Investigation reveals why Haiti's president was killed
The investigation warns that President Jovenel Moïse was killed because measures he took against drug trafficking.
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In July of this year, Haitian President Jovenel Moïse was assassinated in his residence by a group of Colombian assassins.
To date, the motive for the assassination of the Haitian president is still unknown. However, The New York Times revealed that in the months prior to his assassination, Moïse had taken a series of measures to fight against drug and arms traffickers.
Among the measures the president had begun to implement were cleaning up Haiti's customs department, nationalizing a seaport with a history of smuggling, destroying an airstrip used by drug traffickers, investigating the lucrative eel trade, and in the days before his death, working on a dossier of powerful politicians and businessmen involved in drug trafficking in the country.
"In July, before he was assassinated, the president was working on a list of powerful politicians and businessmen involved in drug trafficking in Haiti," the investigation states. "According to four high-ranking Haitian advisors and officials in charge of drafting this document, Moïse's intention was to deliver this file to the United States government."
In the interrogations developed after the capture of several hitmen involved, some of them confessed that they had as a priority to recover Moïse's list with the names of the alleged drug traffickers.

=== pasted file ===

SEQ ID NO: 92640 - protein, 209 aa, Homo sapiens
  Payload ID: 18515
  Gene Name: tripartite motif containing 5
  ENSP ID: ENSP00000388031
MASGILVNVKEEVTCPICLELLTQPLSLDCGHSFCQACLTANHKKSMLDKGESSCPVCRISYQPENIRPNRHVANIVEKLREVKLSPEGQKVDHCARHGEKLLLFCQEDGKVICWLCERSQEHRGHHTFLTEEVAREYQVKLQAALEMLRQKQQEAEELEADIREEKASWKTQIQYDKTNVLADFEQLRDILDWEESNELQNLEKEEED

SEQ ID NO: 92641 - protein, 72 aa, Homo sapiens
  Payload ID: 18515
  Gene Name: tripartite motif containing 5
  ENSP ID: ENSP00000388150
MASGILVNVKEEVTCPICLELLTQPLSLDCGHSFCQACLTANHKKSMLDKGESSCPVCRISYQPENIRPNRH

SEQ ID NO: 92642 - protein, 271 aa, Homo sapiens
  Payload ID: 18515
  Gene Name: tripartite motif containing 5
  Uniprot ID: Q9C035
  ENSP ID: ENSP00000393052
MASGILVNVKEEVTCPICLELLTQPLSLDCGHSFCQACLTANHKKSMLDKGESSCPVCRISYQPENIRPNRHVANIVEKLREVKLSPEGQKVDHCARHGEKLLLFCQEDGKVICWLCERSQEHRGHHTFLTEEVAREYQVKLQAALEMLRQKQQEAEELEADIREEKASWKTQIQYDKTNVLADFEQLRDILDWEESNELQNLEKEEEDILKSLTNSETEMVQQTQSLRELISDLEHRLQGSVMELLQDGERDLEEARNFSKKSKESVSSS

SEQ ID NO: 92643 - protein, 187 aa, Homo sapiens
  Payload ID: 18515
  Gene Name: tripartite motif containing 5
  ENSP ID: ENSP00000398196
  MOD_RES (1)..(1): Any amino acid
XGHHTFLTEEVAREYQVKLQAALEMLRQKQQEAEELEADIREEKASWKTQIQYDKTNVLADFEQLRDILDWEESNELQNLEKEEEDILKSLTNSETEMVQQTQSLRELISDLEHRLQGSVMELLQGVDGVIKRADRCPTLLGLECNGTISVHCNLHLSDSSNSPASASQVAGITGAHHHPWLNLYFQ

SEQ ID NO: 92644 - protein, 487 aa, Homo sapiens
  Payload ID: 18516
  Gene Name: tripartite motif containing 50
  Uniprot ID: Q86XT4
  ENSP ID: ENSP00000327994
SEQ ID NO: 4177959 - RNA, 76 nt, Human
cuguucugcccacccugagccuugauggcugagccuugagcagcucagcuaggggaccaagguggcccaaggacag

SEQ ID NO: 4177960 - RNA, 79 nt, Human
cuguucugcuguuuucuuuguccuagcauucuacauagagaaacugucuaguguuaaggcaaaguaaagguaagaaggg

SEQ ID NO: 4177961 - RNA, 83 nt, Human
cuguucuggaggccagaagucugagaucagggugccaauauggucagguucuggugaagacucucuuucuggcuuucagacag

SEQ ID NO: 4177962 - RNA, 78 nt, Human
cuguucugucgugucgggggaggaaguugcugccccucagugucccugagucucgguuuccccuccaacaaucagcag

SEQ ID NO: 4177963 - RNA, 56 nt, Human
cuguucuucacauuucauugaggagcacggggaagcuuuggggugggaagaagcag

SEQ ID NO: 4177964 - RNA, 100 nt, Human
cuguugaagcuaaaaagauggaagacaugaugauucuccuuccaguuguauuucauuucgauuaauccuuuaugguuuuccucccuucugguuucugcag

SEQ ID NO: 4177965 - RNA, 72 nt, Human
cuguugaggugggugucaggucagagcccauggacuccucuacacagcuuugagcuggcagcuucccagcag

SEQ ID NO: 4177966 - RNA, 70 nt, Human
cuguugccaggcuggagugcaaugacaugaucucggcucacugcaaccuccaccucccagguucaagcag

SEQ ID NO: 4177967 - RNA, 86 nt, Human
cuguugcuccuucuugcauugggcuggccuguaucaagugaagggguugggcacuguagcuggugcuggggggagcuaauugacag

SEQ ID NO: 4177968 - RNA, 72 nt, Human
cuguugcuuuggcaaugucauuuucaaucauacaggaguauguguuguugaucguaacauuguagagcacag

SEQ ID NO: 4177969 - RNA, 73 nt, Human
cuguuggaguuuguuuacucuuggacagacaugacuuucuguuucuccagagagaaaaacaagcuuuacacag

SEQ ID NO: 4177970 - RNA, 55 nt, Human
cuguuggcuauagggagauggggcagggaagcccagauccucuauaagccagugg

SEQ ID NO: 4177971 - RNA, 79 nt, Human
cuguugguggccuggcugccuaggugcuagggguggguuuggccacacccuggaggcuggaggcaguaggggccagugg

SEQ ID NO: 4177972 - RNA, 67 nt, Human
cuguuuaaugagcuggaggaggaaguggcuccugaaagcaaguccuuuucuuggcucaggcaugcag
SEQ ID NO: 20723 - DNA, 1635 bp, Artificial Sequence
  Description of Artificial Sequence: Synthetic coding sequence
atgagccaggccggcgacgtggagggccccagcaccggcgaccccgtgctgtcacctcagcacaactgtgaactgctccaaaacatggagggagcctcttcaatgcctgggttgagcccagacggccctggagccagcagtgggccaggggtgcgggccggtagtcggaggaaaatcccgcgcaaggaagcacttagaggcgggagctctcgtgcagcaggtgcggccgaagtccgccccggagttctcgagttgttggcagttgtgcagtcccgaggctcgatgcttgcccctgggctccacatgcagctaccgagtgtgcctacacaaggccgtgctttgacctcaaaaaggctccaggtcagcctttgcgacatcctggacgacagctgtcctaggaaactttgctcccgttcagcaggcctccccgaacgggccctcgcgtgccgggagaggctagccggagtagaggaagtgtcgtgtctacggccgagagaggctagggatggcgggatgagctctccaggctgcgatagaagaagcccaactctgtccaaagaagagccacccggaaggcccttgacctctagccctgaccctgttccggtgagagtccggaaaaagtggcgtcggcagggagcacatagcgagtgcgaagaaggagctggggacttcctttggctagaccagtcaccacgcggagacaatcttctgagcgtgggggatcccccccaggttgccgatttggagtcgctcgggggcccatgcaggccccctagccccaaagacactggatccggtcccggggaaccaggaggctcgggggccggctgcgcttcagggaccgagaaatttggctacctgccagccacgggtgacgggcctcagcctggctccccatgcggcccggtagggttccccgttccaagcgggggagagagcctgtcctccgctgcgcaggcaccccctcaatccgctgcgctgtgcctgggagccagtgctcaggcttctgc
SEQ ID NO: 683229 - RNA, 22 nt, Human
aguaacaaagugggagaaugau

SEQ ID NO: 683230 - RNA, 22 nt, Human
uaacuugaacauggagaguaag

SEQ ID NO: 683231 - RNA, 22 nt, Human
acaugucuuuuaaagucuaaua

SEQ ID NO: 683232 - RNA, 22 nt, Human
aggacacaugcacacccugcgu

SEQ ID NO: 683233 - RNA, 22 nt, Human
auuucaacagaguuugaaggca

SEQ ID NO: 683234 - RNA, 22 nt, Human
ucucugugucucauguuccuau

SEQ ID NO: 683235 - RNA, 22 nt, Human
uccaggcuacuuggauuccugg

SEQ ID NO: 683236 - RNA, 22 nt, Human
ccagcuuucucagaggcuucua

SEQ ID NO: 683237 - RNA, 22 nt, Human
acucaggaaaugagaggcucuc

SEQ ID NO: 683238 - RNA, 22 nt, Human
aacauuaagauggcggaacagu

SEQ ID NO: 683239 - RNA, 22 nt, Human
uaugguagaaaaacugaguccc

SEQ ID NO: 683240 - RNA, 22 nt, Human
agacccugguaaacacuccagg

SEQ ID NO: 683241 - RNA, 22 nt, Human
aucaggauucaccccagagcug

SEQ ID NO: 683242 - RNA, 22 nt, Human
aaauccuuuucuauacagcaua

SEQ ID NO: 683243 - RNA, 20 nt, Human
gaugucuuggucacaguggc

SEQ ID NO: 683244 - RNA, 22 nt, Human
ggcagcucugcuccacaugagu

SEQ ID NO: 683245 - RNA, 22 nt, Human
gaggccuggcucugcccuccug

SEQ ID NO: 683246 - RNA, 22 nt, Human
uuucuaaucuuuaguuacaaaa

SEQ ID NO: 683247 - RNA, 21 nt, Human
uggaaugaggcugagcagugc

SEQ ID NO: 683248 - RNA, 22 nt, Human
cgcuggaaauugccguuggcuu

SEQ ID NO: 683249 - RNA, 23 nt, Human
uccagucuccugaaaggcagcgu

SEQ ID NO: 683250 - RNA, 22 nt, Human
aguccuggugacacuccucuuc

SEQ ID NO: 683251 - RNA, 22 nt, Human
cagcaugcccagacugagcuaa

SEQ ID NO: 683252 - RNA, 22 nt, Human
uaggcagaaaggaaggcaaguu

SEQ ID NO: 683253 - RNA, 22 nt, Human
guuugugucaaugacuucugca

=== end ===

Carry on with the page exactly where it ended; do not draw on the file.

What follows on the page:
"When investigators arrived at the crime scene they saw that President Moïse's office had been ransacked, and they found papers strewn everywhere," three senior Haitian officials familiar with the details of the investigation told the New York Times.
The document is part of a series of confrontations Moïse had with powerful political and business figures, some suspected of drug and arms trafficking.
According to The New York Times, the document was to be delivered to the DEA.
"The president ordered them not to pardon anyone, not even the powerful personalities who helped him come to power," the publication assures.
In addition to the list, it was also mentioned that there is a coincidence with a testimony of Moïse's wife. According to her, the assassins entered the official residence searching and looking for documents.
For the entire investigation, the New York Times interviewed more than 70 people and traveled to eight of the 10 Haitian departments to interview politicians, childhood friends of Moïse, policemen, fishermen and people involved in drug trafficking to understand the possible motives that triggered his assassination. Now, many of these people also fear for their lives.